Margaux Hemingway Waxes Rhapsodic on Wine for Les Amis du Vin

Times Staff Writer

The national convention of Les Amis du Vin was held last week in Los Angeles, and the international wine society discussed and tasted some noted wines during the course of the three-day gathering. Beyond deliberating upon the question of whether Oregon's Pinot Noirs are the nation's best, there were some celebratory moments at the $100-a-ticket dinner events.

Certainly a high point was when model and actress Margaux Hemingway presented the group's annual awards at a Saturday evening meal. Hemingway, the granddaughter of novelist Ernest, has had a lifelong association with wine, if for no other reason than that she was named after the famous French chateau renowned for Bordeaux wines.

Her thoughts on the subject appeared in an article published in Wine magazine to coincide with the convention. Now a spokeswoman for Spain's Paternina wines, Hemingway was quoted as saying, "I'm a woman, I like those sensual feelings. A good wine; after holding it in your mouth, that dry feeling on both sides of your mouth, it's so sensual. This does it to me . . . "

More on Hemingway--Wine played a significant role in many of Ernest Hemingway's books, and one particularly quotable passage is in "Death in the Afternoon." Hemingway wrote:

"One can learn about wines and pursue the education of one's palate with great enjoyment all of a lifetime, the palate becoming more educated and capable of appreciation and you having constantly increasing enjoyment and appreciation of wine even though the kidneys may weaken, the big toe becomes painful, the finger joints stiffen, until finally, just when you love it the most you are finally forbidden wine entirely."

Snag Over Salami--Few salamis are celebrated with a press party when introduced to a new market area. However, precedent was broken last week when an American import company sponsored a gala tasting to introduce Pick Hungarian salami to Los Angeles.

The debut of the $8-a-pound smoked meat was certainly an event in itself. But to embellish the evening, Liberty/Ramsey Imports of New York organized a Zsa Zsa Garbor look-alike contest.

A slight snag developed in planning the competition when Zsa Zsa heard of the impending contest and demanded that her name be removed from the promotion. The day was saved, though, when the company decided to rename the event the "Miss Hungarian Movie Star Look-Alike Contest."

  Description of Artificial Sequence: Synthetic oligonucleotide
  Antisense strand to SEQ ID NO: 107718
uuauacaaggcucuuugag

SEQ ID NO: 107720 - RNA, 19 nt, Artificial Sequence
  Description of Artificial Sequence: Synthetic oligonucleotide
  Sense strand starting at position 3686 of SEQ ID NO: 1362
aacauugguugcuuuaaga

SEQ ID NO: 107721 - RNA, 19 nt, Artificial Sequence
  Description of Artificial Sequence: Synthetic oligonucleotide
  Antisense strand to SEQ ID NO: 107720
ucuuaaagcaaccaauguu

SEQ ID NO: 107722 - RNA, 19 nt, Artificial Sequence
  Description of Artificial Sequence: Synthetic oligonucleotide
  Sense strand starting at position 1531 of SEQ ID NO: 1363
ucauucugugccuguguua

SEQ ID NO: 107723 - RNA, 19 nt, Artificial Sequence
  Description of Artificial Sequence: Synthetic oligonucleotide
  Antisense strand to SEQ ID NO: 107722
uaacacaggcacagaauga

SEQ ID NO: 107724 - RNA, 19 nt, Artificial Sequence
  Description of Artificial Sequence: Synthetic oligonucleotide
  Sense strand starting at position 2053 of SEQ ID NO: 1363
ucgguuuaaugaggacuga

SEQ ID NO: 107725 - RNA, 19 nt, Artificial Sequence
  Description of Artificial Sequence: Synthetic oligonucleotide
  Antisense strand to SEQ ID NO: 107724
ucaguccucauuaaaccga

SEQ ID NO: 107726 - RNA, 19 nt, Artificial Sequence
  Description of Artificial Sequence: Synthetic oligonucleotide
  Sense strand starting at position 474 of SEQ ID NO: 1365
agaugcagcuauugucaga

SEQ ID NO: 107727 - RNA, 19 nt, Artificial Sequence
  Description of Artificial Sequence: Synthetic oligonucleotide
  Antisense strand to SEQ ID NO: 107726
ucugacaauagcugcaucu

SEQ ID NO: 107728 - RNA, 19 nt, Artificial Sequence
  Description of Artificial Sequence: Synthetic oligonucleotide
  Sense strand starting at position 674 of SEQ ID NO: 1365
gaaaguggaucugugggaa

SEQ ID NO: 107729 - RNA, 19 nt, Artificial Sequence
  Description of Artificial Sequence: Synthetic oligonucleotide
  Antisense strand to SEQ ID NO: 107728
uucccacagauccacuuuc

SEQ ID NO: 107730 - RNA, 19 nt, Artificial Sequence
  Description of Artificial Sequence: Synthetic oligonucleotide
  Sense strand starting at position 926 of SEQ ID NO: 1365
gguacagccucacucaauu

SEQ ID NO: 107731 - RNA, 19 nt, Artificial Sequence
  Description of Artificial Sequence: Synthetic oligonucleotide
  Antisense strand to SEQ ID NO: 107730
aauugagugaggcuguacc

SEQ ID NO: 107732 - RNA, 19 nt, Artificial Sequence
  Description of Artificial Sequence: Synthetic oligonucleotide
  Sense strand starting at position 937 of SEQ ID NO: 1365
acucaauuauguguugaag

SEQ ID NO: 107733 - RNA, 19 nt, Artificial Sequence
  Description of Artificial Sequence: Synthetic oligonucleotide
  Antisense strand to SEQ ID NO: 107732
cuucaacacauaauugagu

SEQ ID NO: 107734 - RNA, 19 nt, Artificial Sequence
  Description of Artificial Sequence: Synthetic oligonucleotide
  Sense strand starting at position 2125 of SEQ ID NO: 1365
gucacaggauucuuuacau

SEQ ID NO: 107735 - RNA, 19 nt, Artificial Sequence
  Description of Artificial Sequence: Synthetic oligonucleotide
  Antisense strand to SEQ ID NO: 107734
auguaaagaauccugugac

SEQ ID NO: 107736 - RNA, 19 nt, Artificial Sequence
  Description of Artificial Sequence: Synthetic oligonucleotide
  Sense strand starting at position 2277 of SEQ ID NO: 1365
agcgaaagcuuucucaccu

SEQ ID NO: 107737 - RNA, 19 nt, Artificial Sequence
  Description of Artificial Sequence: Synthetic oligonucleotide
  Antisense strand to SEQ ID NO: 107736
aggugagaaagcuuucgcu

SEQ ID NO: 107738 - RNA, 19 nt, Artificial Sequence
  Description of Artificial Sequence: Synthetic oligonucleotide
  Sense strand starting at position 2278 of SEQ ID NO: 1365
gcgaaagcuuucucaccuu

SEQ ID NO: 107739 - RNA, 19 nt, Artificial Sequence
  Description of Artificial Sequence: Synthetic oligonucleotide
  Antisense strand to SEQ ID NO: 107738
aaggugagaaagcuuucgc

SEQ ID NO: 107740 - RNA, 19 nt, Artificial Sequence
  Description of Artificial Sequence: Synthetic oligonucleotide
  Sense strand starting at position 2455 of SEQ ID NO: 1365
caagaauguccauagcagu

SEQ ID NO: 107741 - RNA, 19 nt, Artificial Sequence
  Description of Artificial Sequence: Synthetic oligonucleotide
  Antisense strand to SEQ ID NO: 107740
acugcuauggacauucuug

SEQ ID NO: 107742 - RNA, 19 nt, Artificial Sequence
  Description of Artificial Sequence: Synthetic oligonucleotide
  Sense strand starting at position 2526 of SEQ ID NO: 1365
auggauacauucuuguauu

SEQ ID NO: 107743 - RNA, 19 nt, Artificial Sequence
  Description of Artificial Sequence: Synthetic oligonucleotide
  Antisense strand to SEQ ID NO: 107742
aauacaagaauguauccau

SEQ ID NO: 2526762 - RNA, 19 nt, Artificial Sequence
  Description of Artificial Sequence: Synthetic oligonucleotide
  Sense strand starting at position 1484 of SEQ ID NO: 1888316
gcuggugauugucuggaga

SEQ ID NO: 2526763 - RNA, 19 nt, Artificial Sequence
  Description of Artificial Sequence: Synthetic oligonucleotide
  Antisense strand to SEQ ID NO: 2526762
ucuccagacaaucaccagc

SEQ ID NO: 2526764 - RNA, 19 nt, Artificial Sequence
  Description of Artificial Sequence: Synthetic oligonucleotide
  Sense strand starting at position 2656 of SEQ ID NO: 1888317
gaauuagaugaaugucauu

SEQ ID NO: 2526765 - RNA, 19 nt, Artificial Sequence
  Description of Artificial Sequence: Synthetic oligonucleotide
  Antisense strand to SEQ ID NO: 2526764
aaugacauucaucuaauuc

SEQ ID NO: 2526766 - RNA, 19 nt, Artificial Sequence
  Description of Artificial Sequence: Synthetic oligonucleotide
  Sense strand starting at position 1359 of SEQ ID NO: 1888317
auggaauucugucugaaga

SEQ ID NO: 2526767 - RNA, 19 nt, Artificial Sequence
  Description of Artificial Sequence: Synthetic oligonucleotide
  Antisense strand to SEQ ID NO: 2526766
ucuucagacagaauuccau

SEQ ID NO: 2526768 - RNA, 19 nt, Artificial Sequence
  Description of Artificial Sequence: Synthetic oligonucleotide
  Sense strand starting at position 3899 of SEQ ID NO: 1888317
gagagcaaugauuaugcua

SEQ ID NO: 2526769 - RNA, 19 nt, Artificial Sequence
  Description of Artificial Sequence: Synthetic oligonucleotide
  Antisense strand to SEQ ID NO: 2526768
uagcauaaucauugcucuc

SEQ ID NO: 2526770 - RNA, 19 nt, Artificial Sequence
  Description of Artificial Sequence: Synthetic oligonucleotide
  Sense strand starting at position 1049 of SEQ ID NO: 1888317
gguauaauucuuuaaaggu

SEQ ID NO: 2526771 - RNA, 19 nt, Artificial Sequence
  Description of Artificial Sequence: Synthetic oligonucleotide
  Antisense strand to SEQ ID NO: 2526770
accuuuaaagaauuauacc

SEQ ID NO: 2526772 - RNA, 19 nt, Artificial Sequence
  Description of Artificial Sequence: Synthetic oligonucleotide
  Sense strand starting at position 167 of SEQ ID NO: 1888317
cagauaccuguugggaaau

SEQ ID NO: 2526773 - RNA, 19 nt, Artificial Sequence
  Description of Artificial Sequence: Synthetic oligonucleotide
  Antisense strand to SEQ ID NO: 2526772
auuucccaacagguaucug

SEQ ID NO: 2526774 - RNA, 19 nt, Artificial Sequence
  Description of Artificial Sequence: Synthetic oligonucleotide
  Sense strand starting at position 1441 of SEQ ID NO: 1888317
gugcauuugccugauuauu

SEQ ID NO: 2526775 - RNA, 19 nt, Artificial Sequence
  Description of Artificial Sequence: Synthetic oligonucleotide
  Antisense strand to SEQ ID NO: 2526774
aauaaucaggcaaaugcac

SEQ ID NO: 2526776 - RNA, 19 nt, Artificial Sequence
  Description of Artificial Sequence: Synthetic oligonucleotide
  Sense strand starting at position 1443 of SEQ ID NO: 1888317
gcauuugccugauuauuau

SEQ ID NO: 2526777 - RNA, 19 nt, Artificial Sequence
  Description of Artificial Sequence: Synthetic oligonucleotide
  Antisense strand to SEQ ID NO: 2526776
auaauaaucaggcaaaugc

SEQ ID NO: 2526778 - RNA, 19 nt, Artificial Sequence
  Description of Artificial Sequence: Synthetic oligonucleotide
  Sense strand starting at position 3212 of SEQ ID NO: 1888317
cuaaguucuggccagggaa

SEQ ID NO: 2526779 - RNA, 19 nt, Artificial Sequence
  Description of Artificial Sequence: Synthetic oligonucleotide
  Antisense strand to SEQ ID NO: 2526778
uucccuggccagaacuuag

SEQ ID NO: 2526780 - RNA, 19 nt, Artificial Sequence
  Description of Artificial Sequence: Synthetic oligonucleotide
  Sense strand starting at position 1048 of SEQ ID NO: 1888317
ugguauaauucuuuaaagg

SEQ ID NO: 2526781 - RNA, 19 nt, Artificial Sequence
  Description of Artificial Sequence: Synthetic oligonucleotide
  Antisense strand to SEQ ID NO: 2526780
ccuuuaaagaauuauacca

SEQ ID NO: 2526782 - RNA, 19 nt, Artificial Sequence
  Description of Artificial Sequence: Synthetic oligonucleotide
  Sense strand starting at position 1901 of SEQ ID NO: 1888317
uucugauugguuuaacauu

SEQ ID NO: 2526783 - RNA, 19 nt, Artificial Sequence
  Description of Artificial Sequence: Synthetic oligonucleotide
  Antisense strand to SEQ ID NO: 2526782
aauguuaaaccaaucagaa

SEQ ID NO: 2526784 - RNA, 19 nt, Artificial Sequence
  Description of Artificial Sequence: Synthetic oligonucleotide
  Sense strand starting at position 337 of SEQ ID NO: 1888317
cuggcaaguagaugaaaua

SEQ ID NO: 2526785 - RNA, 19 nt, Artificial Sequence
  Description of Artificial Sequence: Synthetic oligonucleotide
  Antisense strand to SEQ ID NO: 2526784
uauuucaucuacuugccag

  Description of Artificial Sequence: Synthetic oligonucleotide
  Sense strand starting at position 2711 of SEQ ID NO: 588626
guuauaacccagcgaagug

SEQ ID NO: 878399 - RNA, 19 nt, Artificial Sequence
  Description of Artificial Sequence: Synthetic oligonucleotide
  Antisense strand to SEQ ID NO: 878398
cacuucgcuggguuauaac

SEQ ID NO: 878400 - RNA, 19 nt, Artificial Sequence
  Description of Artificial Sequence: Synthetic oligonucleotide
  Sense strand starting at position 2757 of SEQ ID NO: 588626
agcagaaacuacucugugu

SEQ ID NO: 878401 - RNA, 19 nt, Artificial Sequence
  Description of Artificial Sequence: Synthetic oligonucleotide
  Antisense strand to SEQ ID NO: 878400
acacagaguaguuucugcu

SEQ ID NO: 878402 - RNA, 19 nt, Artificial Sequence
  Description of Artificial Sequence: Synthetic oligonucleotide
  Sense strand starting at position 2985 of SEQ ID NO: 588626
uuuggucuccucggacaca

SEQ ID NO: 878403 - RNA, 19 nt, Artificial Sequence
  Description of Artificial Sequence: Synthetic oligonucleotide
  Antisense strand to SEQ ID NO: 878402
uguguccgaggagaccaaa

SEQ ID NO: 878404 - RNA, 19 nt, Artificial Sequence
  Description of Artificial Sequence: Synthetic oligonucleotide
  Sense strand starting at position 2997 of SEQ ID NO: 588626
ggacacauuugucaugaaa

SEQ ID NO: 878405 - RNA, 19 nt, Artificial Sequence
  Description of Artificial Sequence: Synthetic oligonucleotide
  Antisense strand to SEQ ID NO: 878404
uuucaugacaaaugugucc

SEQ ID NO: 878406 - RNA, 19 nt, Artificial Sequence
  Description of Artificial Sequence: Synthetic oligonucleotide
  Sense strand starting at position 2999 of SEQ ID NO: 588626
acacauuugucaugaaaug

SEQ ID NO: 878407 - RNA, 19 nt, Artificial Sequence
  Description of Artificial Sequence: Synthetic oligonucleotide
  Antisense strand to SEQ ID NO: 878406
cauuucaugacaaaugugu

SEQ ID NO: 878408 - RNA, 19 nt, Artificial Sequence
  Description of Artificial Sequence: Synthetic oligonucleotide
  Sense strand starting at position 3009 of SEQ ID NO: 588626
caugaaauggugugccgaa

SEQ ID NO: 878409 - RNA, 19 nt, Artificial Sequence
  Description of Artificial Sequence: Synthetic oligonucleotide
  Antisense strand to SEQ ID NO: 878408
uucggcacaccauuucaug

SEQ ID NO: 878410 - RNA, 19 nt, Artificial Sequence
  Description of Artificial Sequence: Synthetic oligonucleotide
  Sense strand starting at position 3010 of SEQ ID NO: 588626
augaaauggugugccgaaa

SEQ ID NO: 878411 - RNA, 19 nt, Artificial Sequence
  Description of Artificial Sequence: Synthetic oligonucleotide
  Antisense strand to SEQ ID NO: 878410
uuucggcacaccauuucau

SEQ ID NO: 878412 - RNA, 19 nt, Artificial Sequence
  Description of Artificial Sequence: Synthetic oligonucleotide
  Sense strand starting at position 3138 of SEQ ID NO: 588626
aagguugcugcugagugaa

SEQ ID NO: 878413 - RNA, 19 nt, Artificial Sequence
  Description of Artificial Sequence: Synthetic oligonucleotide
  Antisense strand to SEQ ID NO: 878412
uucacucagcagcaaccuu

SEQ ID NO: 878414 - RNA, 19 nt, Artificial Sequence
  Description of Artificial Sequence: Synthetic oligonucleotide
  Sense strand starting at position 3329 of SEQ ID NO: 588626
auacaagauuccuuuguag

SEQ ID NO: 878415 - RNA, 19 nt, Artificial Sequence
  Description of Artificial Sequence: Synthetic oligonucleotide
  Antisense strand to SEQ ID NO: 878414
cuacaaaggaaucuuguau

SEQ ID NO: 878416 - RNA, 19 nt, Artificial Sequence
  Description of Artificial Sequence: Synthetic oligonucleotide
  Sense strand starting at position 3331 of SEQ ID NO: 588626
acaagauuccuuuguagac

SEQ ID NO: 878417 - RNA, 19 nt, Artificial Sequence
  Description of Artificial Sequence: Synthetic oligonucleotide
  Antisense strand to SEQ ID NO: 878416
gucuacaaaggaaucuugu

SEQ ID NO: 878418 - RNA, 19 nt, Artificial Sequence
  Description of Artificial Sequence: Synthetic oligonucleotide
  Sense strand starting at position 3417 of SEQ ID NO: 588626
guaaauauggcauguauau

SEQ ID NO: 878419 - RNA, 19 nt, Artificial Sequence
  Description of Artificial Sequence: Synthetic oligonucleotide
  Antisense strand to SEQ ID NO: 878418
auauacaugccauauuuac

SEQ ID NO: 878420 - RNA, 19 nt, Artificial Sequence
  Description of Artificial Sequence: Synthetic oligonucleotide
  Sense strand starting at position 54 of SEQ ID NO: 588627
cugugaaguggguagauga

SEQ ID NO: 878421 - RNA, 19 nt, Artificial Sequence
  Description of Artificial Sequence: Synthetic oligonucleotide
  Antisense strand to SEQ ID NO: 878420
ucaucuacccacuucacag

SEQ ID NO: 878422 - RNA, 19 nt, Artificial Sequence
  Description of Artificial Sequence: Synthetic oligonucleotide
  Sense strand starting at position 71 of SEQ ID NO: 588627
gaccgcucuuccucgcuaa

Twelve Southern California women vied for the grand prize, which was a round-trip ticket to Budapest, Hungary. The 11 runners-up were consoled with a free Hungarian salami.

After hearing several dozen poor Slavic accents intoning "vell, darlink, " the judges awarded the grand prize to Pat La Pearl of Santa Monica.

One organizer of the salami party, public relations representative Ruth Morrison, said the event and look-alike contest was designed especially for Los Angeles.

"We only do this in Los Angeles. In New York we do straight food (events), but we know we're in Los Angeles."

Defacing the Dom--Anyone who has purchased a 1978 vintage bottle of Moet-Chandon Dom Perignon probably noticed an unsightly sticker applied to the fine Champagne's elegant label.

The thin, oblong sticker is slapped on the distinctive green bottle by a Culver City firm that now imports the celebrated French sparkling wine. Most importers do, in fact, place a label stating their company name and address on each imported wine, but normally it is attached to the back of the bottle.

There is an explanation for the lack of aesthetics, according to Robert de Berardinis, wine buyer for Jurgensen's, a market chain that sells significant amounts of expensive Champagne to its well-heeled customers.

About a dozen fast-moving importers have decided to flood the American market with Dom Perignon priced significantly less than the same wine imported by the winery's official U.S. agent. The small firms draw attention to themselves with the stickers, which also come in white and silver.

"These importers are hiring some minimum-wage guy to do nothing but take a bottle out of a case and put a sticker on it so that it can pass through customs. They're not too terribly concerned with where the sticker goes," De Berardinis said.

"Yeah, it's defacing the label," he added. "But most people would rather have a defaced label and inexpensive Dom Perignon than go back to the expensive Dom Perignon."

De Berardinis said that stickerless Dom Perignon at his stores would sell for $89.50, whereas the Champagne with the less-than-attractive ad for an unknown importer is $60.

Copyright © 2019, Los Angeles Times
EDITION: California | U.S. & World